If you’re at all like me, you’re the designated photographer for your family and friends. If there’s a family photo, you take it. At some point on New Year’s Eve, you’ll have 4 or 5 random iPhone in your hands at once, taking the group shot for everyone to post on social media. Have you ever been invited to an event, or even a wedding, and it’s casually suggested that you bring a camera along? If they ever refer to you as the one with the “nice” camera, it can be a little annoying. Most of the time, though, people are asking because you know stuff and they trust you to do a good job. You are the photographer. This means that eventually you will get asked to build a photo booth.
One of the popular questions we get asked from customers that call and email us, is that they need to build a photo booth for an event they’re either working or hosting, and want our expertise on how to create an effective booth using some of the gear we have available. It’s a tough question because there is no right answer, but we wanted to give you a headstart on how to go about it, for any upcoming holiday parties you may have planned.
I’ll pretense, and tell you that I’ve never made the same exact photo booth twice. There are a hundred ways of doing it and I’m constantly changing my mind based on the location, type of event, gear at hand, or maybe a fleeting creative inspiration. At the core, however, all photo booths have the same basic requirements. It’s a camera, locked off on tripod or stand, taking photos of people standing in front of a backdrop. So I’d like to start by describing the different areas of setup you should think about.
Just a few weeks ago, Apple revealed the all new MacBook Pro featuring a breakthrough new interface that replaces the traditional row of function keys with a Retina-quality Multi-Touch display called the Touch Bar. We’ve been working hard to build custom support for the Touch Bar, and I’m pleased to announce that, as promised, it is available in today’s update to Photoshop.
I’ve had a chance to use the Touch Bar a bit and I find it exciting for two reasons. First, the Touch Bar is useful for surfacing a contextual “next step”. This is helpful both for a beginner who might not know how to navigate Photoshop, and for an experienced user in giving them speedier access to the desired next action. Second, the Touch Bar is useful for accessing controls in a new way, especially controls that were sometimes clumsy with a keyboard and mouse.
In designing the interaction with the Touch Bar, we imagined three distinct categories of functions that would be useful to our customers: Layer Properties, Brushes, and (true to Photoshop’s ethos) your customizable Favorites.
Inside the Layer Properties section, you can quickly access common actions like place a Smart Object, clip Layers, and open Select & Mask. Controls for changing the blend mode and scrubbing through the history are especially nice to use on the Touch Bar Retina display because of a visual preview of the result.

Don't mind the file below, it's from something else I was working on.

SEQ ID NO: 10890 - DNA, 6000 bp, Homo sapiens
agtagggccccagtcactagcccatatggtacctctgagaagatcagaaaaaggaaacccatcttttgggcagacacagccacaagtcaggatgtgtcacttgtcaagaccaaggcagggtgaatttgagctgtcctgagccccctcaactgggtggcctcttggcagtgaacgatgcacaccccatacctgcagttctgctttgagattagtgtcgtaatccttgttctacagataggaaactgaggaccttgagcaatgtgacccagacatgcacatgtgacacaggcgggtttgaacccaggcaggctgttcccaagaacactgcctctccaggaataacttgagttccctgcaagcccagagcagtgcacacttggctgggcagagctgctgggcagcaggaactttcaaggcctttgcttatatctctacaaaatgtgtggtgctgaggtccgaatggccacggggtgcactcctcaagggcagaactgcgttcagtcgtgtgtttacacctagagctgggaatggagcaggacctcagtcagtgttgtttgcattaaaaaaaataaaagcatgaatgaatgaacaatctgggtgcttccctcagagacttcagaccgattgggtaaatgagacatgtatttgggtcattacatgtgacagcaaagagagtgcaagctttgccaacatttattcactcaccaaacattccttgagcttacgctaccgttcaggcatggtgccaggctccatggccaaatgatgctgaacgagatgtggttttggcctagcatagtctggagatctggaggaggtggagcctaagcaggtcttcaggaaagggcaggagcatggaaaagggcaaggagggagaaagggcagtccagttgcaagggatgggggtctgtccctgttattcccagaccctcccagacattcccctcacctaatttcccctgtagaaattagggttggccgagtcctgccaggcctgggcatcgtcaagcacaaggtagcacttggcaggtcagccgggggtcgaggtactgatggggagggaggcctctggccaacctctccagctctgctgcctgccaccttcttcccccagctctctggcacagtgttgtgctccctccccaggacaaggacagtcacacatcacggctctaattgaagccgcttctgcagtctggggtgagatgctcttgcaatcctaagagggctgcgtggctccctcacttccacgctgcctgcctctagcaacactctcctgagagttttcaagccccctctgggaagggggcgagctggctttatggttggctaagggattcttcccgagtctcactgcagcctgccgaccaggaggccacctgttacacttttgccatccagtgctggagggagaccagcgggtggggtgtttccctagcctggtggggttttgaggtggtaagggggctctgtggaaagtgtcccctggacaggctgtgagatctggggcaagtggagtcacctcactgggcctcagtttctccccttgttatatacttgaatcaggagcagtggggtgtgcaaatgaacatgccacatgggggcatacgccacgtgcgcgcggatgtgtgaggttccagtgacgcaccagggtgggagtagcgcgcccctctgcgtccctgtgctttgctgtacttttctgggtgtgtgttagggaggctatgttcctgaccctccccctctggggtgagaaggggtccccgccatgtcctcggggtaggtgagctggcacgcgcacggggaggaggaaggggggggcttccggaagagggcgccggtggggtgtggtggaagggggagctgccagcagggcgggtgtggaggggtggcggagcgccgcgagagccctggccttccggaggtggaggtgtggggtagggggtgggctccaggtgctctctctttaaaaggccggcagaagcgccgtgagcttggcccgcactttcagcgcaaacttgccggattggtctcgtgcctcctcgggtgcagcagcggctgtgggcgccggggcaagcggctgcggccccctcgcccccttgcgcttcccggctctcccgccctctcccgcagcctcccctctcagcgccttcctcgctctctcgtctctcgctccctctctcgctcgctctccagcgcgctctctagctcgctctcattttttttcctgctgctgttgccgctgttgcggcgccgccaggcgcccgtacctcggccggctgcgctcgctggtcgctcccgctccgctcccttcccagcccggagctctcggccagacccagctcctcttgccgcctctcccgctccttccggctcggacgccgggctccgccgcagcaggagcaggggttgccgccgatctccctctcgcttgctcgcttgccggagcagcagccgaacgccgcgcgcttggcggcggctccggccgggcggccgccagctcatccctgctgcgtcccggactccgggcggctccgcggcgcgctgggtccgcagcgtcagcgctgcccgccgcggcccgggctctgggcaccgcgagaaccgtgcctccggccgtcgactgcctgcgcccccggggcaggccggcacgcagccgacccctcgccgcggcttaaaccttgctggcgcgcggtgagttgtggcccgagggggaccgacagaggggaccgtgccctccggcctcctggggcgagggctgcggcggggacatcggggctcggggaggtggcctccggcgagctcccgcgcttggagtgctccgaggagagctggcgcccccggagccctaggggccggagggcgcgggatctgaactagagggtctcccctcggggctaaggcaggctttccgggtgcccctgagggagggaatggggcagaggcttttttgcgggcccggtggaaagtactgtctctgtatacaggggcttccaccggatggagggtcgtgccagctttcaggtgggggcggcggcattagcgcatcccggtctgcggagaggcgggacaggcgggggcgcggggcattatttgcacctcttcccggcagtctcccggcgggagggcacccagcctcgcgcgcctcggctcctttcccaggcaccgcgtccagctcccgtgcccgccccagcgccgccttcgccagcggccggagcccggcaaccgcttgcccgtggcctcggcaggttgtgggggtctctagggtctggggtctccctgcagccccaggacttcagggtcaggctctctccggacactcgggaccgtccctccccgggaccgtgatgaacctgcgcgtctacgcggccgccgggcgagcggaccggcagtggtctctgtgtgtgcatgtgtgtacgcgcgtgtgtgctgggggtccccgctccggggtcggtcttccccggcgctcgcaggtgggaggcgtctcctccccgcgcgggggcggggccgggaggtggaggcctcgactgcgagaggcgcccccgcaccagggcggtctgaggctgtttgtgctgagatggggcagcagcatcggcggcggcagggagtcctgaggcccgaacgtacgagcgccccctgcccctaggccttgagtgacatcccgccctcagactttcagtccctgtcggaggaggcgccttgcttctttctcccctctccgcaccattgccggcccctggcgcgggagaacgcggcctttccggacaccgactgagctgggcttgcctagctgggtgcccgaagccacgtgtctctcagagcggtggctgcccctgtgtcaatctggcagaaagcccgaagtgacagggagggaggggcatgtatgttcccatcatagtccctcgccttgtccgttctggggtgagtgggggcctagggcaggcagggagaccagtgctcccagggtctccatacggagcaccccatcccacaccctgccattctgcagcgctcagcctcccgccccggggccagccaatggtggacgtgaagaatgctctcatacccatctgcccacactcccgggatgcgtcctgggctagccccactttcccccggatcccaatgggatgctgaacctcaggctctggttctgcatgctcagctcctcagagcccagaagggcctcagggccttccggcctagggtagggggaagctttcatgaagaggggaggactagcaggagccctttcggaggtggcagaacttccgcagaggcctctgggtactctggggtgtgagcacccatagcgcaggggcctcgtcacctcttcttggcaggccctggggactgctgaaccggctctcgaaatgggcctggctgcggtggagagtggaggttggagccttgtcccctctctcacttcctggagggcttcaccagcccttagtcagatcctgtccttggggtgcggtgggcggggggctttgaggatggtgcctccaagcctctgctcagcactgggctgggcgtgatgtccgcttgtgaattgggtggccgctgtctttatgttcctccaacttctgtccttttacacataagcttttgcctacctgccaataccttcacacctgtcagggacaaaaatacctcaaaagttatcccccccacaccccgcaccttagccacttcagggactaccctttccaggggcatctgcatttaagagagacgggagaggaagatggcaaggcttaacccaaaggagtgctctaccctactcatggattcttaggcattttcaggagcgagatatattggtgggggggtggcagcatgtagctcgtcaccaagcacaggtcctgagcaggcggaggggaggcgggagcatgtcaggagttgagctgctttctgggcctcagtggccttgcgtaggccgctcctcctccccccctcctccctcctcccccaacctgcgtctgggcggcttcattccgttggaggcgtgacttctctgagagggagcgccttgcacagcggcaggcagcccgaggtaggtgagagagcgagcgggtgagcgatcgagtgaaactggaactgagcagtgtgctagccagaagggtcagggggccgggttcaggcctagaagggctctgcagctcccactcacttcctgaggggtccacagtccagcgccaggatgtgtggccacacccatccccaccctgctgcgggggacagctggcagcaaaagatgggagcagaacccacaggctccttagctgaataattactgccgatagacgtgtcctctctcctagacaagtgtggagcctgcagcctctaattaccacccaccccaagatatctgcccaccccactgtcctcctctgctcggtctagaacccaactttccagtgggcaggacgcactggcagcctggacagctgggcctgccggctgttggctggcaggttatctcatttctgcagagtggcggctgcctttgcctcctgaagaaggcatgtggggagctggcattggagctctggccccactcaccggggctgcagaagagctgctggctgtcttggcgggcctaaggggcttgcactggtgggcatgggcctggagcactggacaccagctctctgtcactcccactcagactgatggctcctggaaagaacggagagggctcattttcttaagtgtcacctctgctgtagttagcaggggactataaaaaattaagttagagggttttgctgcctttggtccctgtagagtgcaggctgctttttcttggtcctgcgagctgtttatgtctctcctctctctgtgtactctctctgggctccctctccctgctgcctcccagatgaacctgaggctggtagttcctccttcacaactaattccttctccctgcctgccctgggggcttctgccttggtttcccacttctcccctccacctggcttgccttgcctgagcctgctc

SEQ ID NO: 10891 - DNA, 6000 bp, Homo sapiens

The Brushes section gives you quick access to brush color, size, hardness, opacity and flow. Each of these commands has a movable slider to pick just the right value.
The Favorites sections allows you to configure your own set of favorite actions. This includes any combination of actions from the previous sections, or other commands like Full screen mode, Flip Horizontal/Vertical, and launching the macOS share menu.
More details on of the new Touch Bar capabilities are available here.
It’s an exciting time in computing, bringing all new ways to interact with your content and control your device. The Photoshop team is constantly evaluating new technologies and thinking of ways to make our customers more productive. As we continue to evolve our support for the Touch Bar and other alternative input methods, we would love to hear your feedback. Please let us know your feedback and suggestions here.
To install the update, choose Help > Updates… More info here.
For a complete read me including fixed customer issues, see here.
These are 30 of the tools and features in Photoshop that I think are the most important! In this Photoshop CC tutorial, we’ll cover everything from how to use the Pen Tool in Photoshop and how you can learn to use Curves to Masking, Retouching Skin, and even playing with the newer Select and Mask functionality.
There is so much that is covered in this video and I also go off script quite a bit and dabble with features that aren’t even included in the description of video guide (located in the comments section.) I created this tutorial as more of a beginner level overview of these tools and functions of Photoshop, but my hope is that there is something here for Photoshop users of all skill levels. Enjoy!
List of tools covered:
00:55 - Color Balance
01:48 - Masking
02:44 - Quick Selection Tool
04:03 - Quick Mask Tool
05:03 - Content-Aware Fill
05:31 - Clone Stamp Tool
07:05 - The Patch Tool
08:07 - How to use Levels
09:12 - The Pen Tool
10:31 - Flames Filter
15:03 - The Type Tool
15:41 - TypeKit Fonts
17:42 - Using & Working with Guides
18:38 - Smart Objects
19:35 - Field Blur
21:41 - How to use Curves
23:20 - The Eyedropper Tool
24:58 - Import Color Themes with Adobe Color
25:49 - BONUS: Gradient Maps
26:27 - How to Create an Action
28:38 - The Crop Tool
30:36 - Colorize Live Shapes
31:23 - Convert Objects to 3D/Working with 3D
34:24 - Custom Workspaces
35:57 - The Camera RAW Filter
37:18 - Exporting Images and Graphics
38:46 - BONUS: Changing the UI Background Color
39:29 - Color Range
40:55 - Select and Mask
45:38 - Liquify
47:36 - The Healing Brush
49:28 - The Rotate View Tool